hazy memories

According to Google, today is the 971st anniversary of the birth of Omar Khayyam, Persian mathematician, astronomer, and poet. It seems slightly strange to me that we would know the exact date of birth of someone born nearly 1000 years ago, and I wonder how eastern and western calendar differences and the change from the Julian to Gregorian calendar affect things.

But even if there were good reason to doubt the accuracy of the date, I have no objections to celebrating Khayaam; I may not be able to read the original, but I’ve loved Fitzgerald’s translation of the Rubaiyat since I first came across it.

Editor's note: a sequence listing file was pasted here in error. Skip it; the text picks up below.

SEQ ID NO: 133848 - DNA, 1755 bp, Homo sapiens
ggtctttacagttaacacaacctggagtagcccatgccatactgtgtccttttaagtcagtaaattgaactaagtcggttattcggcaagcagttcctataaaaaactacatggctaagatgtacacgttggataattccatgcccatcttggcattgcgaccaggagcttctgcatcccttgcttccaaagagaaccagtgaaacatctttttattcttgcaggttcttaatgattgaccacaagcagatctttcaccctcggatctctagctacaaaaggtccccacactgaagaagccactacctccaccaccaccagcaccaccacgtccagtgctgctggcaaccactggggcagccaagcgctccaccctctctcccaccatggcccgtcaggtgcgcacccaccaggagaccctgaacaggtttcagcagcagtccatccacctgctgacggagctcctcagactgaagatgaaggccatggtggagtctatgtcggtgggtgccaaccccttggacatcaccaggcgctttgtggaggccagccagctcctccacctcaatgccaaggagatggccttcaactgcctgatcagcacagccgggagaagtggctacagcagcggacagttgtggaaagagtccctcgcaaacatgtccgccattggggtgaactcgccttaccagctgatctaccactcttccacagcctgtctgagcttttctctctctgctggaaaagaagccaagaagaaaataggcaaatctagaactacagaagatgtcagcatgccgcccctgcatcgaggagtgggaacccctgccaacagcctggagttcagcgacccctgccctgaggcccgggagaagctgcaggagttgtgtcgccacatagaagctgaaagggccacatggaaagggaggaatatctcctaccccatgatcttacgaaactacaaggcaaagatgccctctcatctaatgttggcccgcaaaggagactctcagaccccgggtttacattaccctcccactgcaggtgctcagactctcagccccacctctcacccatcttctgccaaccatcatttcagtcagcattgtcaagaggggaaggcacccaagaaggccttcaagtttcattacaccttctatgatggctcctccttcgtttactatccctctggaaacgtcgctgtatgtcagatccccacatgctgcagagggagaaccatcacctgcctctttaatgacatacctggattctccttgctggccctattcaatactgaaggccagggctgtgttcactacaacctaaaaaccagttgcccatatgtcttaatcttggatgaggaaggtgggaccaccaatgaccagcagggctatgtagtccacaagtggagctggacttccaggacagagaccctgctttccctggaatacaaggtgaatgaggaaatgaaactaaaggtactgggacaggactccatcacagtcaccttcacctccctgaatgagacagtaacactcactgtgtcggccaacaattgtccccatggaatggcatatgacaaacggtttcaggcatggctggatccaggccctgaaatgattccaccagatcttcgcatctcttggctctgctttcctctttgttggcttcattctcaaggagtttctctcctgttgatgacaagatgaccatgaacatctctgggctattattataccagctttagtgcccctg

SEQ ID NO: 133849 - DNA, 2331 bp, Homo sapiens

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Khayyam, again, and disappearing words

apple blossom
"...under the apple bough"
Yesterday’s post reminded me of a glosa – posted below – but then led me on in leaps and bounds to thinking about vocabulary. Specifically, about the word ‘bough’: when, and how, did I learn it?

It’s not exactly the sort of word that crops up in childhood conversation, so I’m pretty sure I must have read it. Which could either have been in a story or in a poem. Or, I suppose, at Christmas, when we “deck[ed] the halls with boughs of holly”. Perhaps that’s the most likely, as would explain how I learned to pronounce it, too.

The word ‘bough’ probably crops up in plenty of older stories and poems, but how much new writing contains such words?
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